It certainly looks like a nice old car. I would generally preserve it, but I have no problem with period correct modifications, such as head, intake and exhaust. I will say, in my humble? opinion, that the hood off look does not look as good as you think it does. Maybe it would be better after detailing the engine compartment, but it looks tacky in the current photos. I see several people telling you to convert to hydraulic (juice) brakes. I have no personal experience but I did notice when looking at the cars of the Model A touring society this past fall, that most of their cars had original mechanical brakes. Feel free to ignore my opinions! I’m glad you are not hot rodding it!

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I took the easy way out. I have 2 GTO’s, a hot rod 68 and a bone stock 69 . If one had to go the 68 would be toast. Jim

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Not sure how anyone could regret going original with a project like this. Having said that, I agree that bolt-on changes and saving original parts is a good option too.

Be sure to keep as much of your dad as you can in what you do. Hopefully, part of the enjoyment of having it, is being reminded of him when you’re in it.

It’s a good problem to have. Enjoy!

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Hot rods are becoming boring now. People get more excited about original stuff. Remember it’s only original once!

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Do as you please, especially if you’re keeping to “Bolt-Ons” so that everything could later be reversable.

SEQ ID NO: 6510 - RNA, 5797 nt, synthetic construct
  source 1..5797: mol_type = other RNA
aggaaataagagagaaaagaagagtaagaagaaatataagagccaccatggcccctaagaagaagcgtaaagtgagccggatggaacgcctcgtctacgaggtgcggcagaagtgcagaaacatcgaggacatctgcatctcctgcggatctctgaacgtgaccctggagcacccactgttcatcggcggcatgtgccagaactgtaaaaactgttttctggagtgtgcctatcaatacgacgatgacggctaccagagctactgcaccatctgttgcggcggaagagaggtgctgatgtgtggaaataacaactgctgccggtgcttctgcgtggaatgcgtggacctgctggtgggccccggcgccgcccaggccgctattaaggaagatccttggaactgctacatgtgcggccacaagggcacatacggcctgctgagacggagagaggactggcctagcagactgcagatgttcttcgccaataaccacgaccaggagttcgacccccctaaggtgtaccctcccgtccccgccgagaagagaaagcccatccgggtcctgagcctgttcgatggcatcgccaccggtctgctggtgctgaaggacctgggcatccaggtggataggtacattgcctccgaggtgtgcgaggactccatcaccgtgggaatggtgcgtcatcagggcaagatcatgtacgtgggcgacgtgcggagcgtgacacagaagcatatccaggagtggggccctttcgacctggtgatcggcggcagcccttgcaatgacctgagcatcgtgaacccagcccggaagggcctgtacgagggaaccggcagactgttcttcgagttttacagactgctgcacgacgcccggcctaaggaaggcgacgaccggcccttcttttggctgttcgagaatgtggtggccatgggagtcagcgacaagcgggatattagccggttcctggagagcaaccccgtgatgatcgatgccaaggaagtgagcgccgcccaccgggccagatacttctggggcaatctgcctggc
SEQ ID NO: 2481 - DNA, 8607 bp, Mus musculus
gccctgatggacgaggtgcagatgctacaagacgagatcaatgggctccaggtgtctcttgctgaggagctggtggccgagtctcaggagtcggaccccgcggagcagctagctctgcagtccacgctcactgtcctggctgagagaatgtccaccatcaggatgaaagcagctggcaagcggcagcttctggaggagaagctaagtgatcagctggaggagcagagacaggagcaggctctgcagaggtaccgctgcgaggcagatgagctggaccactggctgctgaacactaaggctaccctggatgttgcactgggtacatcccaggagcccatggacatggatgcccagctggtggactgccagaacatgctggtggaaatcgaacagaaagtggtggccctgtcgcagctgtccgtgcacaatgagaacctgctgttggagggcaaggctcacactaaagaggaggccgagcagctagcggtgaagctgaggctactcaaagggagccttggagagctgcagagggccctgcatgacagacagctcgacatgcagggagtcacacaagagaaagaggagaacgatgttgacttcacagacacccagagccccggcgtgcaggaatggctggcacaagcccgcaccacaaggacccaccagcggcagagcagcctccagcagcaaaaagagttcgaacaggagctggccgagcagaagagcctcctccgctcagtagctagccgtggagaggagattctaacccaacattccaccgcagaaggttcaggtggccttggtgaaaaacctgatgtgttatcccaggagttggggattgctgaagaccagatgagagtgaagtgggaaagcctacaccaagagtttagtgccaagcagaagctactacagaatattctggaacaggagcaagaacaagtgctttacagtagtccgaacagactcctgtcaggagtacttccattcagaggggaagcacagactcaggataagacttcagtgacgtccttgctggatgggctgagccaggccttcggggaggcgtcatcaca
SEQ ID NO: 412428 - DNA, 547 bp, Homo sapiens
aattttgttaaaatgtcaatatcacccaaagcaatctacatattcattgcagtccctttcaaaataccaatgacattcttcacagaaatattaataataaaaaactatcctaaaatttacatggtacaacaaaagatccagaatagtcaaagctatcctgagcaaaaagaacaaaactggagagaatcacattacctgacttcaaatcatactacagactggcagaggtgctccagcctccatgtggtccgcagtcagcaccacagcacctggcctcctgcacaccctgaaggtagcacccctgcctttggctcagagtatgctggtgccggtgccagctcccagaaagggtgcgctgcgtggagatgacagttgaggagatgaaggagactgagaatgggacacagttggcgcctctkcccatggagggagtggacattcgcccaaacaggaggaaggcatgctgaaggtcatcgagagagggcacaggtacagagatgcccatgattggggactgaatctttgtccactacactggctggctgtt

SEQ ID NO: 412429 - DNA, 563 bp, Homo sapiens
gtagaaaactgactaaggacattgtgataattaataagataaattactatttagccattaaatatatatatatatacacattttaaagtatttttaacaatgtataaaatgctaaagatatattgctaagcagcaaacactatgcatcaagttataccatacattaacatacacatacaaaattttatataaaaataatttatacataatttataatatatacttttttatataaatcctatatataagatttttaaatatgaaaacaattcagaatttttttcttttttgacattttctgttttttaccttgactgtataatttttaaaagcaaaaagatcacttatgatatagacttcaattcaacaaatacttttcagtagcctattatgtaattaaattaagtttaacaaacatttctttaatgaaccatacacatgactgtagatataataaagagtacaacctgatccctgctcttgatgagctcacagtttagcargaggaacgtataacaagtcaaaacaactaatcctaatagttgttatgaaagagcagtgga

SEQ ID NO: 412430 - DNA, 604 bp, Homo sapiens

— and please do not listen to unnecessary suggestions such as hydraulic brakes !
There is nothing inherently dangerous with mechanically operated brakes.
We drive/drove our 1915 Hudson, 1930 Packard, and perhaps a dozen other previously owned early cars cross-country with mechanically operated brakes. Brakes are brakes, no matter how they are applied. It is the tire patch which determines to a great extent, just how much stopping power you have. Know your car, and drive appropriately. I don’t anticipate that you’ll be on the rush-hour 75 mph freeway bash-em-up free-for-all. Enjoy the car with period-type accessories. You don’t “need” rack-and-pinion steering, Hydraulic Disc Brakes, Electronic Ignition, Fuel Injection, or even a crate engine. These may be ok for for the street rod folks, but retaining the PURE ENJOYMENT OF DRIVING THE WAY IT USED TO BE – is a whole rewarding experience.